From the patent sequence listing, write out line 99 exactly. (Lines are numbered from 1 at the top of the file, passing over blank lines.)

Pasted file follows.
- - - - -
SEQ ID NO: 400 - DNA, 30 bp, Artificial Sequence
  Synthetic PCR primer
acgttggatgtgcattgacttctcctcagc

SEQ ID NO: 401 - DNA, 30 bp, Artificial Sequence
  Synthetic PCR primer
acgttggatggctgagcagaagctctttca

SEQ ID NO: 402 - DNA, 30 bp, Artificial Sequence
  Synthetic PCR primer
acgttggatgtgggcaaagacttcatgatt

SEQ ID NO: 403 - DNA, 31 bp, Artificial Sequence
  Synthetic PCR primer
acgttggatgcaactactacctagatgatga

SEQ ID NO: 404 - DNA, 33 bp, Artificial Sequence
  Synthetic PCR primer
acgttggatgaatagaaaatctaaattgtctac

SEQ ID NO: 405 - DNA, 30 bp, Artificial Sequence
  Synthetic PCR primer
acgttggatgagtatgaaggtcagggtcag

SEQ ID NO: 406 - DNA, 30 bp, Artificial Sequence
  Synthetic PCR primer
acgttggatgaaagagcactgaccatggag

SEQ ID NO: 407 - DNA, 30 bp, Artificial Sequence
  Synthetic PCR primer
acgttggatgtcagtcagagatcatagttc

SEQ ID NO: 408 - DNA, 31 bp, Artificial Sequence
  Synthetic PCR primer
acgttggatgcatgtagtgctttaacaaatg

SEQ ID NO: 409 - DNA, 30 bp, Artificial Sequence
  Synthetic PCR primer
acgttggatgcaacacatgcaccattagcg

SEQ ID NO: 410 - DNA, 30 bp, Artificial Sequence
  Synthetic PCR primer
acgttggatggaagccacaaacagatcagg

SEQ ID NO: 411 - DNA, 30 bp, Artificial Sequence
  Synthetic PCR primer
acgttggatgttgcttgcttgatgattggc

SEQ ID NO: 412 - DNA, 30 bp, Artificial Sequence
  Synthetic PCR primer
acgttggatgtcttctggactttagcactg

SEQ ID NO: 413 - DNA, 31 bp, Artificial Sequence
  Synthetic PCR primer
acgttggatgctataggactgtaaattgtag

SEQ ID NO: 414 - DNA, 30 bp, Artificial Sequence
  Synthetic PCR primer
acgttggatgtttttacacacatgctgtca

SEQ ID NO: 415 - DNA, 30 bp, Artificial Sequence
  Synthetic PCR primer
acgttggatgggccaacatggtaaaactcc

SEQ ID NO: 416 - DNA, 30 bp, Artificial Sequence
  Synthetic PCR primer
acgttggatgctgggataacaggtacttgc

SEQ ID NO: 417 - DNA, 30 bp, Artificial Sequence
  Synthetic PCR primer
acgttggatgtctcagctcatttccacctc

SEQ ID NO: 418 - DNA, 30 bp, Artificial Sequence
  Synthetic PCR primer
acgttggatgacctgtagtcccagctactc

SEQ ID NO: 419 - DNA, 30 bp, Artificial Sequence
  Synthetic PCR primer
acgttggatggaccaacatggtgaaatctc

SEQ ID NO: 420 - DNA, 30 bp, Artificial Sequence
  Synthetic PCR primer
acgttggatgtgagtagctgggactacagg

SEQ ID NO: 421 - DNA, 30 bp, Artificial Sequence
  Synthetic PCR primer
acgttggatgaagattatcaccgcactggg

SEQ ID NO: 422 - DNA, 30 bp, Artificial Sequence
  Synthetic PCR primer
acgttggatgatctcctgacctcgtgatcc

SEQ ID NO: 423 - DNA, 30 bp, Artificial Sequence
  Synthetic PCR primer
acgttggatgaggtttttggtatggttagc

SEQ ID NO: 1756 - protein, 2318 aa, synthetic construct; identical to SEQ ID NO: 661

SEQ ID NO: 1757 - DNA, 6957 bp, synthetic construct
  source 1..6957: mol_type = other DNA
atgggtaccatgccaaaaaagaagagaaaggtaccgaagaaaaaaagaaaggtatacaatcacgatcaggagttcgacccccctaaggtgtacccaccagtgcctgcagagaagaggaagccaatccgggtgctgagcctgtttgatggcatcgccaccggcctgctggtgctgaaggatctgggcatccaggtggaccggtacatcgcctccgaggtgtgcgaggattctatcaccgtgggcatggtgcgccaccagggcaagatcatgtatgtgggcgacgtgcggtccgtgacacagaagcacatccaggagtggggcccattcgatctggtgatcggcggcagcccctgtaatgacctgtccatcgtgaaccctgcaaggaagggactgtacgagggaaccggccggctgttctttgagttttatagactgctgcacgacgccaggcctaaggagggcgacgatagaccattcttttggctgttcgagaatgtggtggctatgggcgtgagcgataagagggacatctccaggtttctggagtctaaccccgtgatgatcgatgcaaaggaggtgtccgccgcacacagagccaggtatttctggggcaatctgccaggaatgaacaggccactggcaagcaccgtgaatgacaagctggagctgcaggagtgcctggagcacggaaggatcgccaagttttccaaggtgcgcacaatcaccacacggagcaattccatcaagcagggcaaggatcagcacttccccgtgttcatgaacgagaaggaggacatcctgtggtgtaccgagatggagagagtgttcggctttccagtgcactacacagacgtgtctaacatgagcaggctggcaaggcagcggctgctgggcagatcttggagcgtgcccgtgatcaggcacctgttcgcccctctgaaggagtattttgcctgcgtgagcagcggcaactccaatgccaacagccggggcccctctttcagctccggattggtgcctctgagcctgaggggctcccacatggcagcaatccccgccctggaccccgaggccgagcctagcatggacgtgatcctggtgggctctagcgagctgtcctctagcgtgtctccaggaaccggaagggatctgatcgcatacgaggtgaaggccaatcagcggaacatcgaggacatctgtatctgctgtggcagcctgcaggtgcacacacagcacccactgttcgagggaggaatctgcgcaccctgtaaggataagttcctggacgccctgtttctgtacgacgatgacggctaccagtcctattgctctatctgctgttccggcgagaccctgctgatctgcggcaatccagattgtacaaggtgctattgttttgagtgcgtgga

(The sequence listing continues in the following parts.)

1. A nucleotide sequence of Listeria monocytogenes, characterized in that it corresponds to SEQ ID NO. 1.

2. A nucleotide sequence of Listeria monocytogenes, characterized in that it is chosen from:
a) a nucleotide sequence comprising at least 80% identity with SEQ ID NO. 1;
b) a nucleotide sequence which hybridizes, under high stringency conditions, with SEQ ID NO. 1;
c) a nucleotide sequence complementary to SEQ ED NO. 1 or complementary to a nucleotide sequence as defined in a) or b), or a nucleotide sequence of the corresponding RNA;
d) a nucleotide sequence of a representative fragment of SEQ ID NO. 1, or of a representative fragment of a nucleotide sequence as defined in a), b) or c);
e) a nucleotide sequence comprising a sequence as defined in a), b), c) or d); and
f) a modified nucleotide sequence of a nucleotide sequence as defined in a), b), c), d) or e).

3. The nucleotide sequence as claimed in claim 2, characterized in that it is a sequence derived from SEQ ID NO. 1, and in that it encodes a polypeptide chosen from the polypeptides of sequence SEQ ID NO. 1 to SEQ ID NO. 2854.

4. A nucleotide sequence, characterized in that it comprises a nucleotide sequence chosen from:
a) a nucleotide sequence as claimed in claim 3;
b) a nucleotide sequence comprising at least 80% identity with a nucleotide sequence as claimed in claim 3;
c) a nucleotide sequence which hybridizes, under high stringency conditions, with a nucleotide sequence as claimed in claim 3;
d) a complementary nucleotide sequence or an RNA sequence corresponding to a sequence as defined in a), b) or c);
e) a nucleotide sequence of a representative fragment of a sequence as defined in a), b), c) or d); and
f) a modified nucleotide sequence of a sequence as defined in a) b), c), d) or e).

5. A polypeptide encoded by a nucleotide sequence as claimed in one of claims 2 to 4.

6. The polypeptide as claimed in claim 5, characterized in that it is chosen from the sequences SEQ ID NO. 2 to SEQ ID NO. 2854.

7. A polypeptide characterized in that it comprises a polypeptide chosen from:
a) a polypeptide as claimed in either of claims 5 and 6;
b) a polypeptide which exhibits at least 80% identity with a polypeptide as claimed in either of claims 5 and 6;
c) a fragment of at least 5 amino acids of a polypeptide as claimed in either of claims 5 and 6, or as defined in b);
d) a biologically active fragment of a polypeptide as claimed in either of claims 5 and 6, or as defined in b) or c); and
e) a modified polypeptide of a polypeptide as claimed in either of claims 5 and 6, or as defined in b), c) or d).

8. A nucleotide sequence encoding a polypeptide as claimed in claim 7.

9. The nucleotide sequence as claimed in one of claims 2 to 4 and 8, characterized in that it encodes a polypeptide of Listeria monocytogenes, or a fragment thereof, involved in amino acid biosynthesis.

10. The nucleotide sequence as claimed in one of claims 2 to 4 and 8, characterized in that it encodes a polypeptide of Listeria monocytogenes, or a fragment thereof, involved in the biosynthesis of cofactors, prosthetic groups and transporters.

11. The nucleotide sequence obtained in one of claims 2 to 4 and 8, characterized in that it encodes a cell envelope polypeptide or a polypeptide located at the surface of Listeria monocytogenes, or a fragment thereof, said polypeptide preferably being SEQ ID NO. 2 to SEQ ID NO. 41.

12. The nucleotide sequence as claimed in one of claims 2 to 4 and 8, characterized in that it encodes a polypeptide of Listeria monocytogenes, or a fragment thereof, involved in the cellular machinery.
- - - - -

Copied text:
c) a fragment of at least 5 amino acids of a polypeptide as claimed in either of claims 5 and 6, or as defined in b);